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(MRC DTP) Location, Location, Location: The importance of the immunological landscape during parasitic infection

  • Full or part time
    Prof R K Grencis
  • Application Deadline
    Friday, November 15, 2019
  • Competition Funded PhD Project (European/UK Students Only)
    Competition Funded PhD Project (European/UK Students Only)

Project Description

Whipworm infection is one of the three major types of parasitic helminth infections of man, infecting one in fifteen of the world’s population. We have used the murine model of whipworm (Trichuris muris) to define paradigms of resistance and susceptibility to parasitic nematode infection1,2 and as a consequence identified new mechanisms of immunity and immunoregulation during intestinal disease3.

T. muris infection proceeds when Trichuris eggs hatch under the stimulation of the intestinal microbiota4 and invades the epithelium of the large intestine. This can initiate either an interleukin 13 dominated or interferon- dominated immune response, leading to resistance or susceptibility respectively. Crucially, the key factors that determine which type of immune response is generated during infection remain unknown. The project aims to characterise these factors with an emphasis on defining the importance of the precise anatomical site of parasite invasion within the intestinal tissue and the compartmentalised imprinting of the emergent immune response in the intestinal draining lymph nodes. Using the T. muris model system of divergent immune responses the project will utilise imaging mass cytometry together with flow cytometry and transcriptomic analysis to define the spatial organisation of key cell populations activated to produce alarmins at the intestinal site of infection and the subsequent cellular response in the specific lymph nodes that drain these areas. The importance of the key cells/factors identified will be tested functionally in vivo, using transgenic models. Defining the mechanisms underpinning the innate and early adaptive response to Trichuris will not only increase our understanding of immunity to this important group of pathogens but also contribute to our fundamental understanding of mucosal immunity and how immunity operates at barrier surfaces.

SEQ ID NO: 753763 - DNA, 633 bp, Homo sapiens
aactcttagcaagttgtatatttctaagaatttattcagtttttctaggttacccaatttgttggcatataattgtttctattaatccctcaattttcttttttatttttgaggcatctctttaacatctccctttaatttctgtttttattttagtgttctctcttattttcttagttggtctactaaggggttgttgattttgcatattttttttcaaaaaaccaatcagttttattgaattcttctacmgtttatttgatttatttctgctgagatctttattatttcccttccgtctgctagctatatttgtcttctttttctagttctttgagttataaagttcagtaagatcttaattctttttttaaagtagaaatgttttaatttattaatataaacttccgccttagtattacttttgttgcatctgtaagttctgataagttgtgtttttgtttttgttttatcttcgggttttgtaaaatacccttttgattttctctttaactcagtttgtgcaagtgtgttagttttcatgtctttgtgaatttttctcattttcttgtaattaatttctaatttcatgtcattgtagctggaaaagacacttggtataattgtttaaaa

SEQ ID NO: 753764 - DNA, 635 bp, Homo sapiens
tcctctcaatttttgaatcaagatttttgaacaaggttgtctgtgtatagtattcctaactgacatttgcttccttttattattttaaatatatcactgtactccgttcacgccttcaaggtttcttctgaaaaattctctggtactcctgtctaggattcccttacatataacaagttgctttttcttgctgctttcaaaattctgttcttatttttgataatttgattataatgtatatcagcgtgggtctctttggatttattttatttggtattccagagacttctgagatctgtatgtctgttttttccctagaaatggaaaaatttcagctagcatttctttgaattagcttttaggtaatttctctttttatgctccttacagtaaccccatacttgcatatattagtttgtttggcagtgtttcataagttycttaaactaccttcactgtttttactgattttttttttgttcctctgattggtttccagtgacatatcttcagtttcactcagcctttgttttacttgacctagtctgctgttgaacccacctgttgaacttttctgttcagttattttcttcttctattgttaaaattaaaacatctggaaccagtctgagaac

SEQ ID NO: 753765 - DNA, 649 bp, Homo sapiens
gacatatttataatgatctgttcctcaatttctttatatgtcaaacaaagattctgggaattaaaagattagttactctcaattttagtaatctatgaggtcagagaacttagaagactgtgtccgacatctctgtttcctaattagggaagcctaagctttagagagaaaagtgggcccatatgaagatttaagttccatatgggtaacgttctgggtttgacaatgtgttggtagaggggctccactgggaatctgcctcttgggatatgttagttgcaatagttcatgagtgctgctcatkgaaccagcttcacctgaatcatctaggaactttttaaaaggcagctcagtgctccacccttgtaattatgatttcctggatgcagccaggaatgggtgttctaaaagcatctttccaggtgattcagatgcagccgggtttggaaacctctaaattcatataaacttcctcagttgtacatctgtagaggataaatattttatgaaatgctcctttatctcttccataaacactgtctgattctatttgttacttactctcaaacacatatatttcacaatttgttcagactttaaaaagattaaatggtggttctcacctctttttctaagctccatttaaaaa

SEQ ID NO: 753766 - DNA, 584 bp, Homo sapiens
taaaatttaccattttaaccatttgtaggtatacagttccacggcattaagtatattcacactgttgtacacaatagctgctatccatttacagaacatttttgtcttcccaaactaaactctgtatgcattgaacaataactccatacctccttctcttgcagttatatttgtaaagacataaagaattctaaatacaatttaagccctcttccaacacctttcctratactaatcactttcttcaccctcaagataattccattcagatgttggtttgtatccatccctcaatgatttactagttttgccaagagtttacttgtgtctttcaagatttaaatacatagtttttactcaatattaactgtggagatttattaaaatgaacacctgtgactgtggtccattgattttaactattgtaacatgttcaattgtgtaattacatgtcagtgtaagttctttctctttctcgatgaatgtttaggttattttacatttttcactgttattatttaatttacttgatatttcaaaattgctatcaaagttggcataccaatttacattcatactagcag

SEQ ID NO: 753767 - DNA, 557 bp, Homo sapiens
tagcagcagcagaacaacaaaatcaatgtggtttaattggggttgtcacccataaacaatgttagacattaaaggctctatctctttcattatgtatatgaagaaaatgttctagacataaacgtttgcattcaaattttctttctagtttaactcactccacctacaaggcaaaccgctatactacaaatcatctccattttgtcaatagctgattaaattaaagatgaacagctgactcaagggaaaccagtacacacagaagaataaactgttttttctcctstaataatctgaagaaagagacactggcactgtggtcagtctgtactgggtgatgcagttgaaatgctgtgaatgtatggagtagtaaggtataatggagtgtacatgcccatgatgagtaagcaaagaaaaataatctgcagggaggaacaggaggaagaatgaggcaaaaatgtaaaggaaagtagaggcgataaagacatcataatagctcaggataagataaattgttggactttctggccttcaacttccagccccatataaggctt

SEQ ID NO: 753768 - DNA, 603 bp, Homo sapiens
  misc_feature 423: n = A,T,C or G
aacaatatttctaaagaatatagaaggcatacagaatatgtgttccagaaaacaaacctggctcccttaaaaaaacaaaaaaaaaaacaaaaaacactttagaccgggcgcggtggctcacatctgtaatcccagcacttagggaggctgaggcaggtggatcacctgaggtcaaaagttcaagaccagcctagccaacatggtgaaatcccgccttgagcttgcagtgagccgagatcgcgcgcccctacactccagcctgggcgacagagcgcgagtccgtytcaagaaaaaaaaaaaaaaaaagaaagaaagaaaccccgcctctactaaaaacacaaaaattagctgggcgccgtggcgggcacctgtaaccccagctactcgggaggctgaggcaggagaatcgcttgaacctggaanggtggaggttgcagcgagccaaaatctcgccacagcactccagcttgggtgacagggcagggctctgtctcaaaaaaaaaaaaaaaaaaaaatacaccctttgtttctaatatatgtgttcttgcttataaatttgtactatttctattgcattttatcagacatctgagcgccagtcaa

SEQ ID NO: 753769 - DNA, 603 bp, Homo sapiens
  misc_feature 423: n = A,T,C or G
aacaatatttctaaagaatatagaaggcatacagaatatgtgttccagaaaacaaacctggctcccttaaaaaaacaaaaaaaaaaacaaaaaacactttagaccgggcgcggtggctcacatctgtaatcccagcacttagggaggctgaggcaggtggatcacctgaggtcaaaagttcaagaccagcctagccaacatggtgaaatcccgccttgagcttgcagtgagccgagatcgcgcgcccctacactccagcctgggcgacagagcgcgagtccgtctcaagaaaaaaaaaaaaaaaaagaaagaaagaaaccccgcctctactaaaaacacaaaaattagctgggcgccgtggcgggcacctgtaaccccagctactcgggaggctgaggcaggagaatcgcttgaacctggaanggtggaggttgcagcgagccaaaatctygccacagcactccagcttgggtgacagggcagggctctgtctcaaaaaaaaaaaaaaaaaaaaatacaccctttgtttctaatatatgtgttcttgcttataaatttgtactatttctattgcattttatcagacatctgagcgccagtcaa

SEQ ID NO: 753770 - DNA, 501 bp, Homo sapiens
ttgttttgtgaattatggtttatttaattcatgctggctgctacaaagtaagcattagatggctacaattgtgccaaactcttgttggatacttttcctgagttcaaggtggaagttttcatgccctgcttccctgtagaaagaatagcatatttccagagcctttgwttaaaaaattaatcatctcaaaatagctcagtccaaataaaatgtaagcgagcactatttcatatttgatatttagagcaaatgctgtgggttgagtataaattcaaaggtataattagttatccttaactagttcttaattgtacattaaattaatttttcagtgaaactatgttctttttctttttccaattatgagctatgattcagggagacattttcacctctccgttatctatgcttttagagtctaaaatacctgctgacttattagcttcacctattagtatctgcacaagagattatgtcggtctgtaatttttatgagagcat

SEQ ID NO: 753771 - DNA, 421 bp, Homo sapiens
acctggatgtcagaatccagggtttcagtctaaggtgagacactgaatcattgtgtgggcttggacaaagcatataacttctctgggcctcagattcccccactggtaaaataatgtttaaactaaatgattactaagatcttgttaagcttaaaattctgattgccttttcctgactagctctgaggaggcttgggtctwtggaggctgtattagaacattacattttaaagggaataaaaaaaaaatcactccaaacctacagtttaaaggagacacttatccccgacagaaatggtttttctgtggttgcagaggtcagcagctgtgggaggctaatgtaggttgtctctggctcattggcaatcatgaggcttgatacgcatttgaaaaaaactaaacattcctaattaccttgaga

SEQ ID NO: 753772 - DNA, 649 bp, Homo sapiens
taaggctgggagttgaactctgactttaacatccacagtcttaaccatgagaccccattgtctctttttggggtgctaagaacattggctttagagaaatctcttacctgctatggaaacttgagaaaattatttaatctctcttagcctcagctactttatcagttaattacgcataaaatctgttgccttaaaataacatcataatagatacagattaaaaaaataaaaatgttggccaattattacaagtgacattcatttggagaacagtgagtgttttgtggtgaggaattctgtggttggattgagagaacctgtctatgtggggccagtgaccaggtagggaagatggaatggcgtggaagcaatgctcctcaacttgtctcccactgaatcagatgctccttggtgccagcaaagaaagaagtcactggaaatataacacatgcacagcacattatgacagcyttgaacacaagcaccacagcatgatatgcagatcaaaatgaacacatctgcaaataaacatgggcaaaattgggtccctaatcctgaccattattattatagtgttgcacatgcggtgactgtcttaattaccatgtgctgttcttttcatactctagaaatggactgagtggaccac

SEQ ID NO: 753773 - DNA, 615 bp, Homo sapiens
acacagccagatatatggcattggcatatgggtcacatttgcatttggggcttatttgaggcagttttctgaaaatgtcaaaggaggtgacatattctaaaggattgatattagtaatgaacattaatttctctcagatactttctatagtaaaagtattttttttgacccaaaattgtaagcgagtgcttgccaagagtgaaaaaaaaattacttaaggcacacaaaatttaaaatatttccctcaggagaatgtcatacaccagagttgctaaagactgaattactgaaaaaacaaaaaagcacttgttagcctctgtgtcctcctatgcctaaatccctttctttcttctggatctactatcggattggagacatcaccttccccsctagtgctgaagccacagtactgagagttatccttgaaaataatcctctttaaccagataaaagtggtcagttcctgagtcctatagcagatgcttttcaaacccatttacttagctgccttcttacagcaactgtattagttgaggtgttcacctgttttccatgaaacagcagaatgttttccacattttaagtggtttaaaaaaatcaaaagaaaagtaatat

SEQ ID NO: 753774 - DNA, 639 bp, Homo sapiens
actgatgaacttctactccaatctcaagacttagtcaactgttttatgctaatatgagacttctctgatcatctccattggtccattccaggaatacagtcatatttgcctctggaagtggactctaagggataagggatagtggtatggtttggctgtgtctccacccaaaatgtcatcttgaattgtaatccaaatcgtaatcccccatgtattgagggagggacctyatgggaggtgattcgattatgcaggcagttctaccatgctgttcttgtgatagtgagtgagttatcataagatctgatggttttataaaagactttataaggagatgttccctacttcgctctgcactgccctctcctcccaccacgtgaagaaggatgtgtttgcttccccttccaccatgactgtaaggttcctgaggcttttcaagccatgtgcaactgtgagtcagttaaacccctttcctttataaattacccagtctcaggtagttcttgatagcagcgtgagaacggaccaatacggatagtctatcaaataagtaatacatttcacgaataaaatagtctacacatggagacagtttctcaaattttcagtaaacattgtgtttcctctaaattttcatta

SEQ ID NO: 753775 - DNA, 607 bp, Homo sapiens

http://www.manchester.ac.uk/lydia-becker-institute
http://www.wellcome-matrix.org
http://www.immunophenotyping.org

Entry Requirements:
Applications are invited from UK/EU nationals only. Applicants must have obtained, or be about to obtain, at least an upper second class honours degree (or equivalent) in a relevant subject.

Funding Notes

This project is to be funded under the MRC Doctoral Training Partnership. If you are interested in this project, please make direct contact with the Principal Supervisor to arrange to discuss the project further as soon as possible. You MUST also submit an online application form - full details on how to apply can be found on the MRC DTP website View Website

As an equal opportunities institution we welcome applicants from all sections of the community regardless of gender, ethnicity, disability, sexual orientation and transgender status. All appointments are made on merit.

References

1. Grencis RK, Humphreys NE, Bancroft AJ (2014) Immunity to gastrointestinal nematodes: mechanisms and myths. Immunological Reviews. 260, 183-205

2. Foth BJ, Tsai IJ, Reid AJ, Bancroft AJ, Nichol S, Tracey A, Holroyd N, Cotton JA, Stanley EJ, Zarowiecki M, Liu JZ, Huckvale T, Cooper PJ, Grencis RK, Berriman M (2014) Whipworm genome and dual-species transcriptome analyses provide molecular insights into an intimate host-parasite interaction. Nature Genetics. 46, 693-700.

3. Grencis RK. (2015) Immunity to helminths: resistance, regulation, and susceptibility to gastrointestinal nematodes. Annual Reviews in Immunology, 33, 201-25.

4. Hayes, K.S., Bancroft, A.J., Goldrick, M., Portsmouth, C., Roberts I.S.& Grencis, R.K. (2010) Exploitation of the intestinal microflora by the parasitic nematode Trichuris muris: microflora regulates macrofauna. Science. 328, 1391-4.

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